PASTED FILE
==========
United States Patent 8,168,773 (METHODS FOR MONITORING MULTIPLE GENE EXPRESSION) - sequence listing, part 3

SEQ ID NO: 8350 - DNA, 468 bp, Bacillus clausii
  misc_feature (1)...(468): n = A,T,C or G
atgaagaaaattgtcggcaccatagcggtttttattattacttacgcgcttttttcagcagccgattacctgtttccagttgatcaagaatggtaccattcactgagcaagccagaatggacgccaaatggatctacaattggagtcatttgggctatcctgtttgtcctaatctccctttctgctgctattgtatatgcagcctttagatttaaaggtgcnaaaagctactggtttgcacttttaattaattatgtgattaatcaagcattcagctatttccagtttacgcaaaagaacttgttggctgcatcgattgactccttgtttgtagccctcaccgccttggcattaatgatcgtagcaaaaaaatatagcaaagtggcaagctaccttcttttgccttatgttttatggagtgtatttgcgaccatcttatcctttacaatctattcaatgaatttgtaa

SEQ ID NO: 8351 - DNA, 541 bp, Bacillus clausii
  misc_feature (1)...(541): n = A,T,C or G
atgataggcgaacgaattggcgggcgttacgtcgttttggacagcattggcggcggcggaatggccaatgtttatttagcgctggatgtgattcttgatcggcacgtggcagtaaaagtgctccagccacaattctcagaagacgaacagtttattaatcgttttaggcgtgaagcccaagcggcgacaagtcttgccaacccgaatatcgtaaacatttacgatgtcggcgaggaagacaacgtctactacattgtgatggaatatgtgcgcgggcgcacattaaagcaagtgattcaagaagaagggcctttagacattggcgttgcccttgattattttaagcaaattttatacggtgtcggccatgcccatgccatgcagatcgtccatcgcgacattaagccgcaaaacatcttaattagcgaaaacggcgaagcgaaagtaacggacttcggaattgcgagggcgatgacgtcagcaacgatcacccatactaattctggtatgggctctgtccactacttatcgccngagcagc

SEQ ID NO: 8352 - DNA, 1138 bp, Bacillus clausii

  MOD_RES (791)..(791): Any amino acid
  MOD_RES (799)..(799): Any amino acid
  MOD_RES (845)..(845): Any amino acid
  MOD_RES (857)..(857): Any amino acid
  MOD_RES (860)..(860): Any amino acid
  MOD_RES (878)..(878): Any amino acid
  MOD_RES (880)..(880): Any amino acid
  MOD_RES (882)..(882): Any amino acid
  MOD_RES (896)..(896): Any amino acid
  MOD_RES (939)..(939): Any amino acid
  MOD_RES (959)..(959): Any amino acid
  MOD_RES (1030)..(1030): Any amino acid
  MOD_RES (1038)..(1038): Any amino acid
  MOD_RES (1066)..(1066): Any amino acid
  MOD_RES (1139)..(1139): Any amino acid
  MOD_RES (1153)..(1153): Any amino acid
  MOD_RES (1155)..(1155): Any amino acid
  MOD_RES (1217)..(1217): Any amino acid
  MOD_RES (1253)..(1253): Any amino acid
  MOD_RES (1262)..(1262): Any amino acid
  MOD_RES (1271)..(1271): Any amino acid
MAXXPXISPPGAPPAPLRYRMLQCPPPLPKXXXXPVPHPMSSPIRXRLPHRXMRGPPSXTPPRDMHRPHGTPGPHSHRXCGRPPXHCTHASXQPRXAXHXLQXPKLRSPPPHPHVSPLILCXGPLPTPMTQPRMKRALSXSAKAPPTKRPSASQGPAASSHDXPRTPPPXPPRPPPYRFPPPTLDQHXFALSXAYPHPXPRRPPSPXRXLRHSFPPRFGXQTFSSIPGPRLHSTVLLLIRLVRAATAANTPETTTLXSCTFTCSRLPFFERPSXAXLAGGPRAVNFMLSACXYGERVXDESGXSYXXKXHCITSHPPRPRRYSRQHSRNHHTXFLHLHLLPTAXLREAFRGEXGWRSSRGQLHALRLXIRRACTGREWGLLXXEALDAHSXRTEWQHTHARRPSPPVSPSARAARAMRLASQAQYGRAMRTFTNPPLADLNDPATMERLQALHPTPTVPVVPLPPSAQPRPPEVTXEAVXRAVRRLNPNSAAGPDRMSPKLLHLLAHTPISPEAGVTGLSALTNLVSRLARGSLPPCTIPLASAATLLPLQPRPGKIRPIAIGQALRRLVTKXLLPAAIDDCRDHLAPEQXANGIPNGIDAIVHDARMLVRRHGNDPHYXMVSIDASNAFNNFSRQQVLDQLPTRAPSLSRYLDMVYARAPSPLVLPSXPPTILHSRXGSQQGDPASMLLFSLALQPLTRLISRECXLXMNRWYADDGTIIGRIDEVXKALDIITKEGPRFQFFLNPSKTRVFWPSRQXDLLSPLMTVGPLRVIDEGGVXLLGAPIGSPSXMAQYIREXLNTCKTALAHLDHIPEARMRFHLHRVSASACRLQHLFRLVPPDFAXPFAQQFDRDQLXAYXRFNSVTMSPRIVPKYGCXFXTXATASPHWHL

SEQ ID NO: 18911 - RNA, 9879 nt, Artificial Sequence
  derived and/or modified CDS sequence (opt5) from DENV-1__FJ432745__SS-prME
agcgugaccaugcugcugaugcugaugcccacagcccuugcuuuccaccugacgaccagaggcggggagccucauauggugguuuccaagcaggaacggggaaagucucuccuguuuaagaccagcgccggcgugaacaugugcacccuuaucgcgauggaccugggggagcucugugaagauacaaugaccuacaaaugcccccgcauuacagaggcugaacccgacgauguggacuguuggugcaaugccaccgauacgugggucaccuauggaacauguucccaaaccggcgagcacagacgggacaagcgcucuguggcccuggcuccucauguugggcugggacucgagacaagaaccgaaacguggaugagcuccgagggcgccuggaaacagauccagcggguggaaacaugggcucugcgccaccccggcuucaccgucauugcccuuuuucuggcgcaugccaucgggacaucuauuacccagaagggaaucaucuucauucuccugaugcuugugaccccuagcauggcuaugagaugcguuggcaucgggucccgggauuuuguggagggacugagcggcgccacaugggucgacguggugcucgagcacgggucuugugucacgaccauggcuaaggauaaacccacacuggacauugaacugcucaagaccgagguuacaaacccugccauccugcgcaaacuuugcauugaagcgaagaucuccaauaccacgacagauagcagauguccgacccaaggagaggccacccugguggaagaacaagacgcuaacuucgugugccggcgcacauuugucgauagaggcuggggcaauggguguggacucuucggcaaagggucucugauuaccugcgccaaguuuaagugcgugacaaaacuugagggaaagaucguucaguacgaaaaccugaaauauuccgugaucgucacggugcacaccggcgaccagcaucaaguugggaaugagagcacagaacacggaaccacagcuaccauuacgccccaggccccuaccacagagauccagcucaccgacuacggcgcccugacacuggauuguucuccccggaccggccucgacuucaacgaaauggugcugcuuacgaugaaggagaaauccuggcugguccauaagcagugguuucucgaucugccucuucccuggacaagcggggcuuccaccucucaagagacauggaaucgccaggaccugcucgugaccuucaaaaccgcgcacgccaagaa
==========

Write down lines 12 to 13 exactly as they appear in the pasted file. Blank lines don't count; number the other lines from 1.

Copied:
  MOD_RES (857)..(857): Any amino acid
  MOD_RES (860)..(860): Any amino acid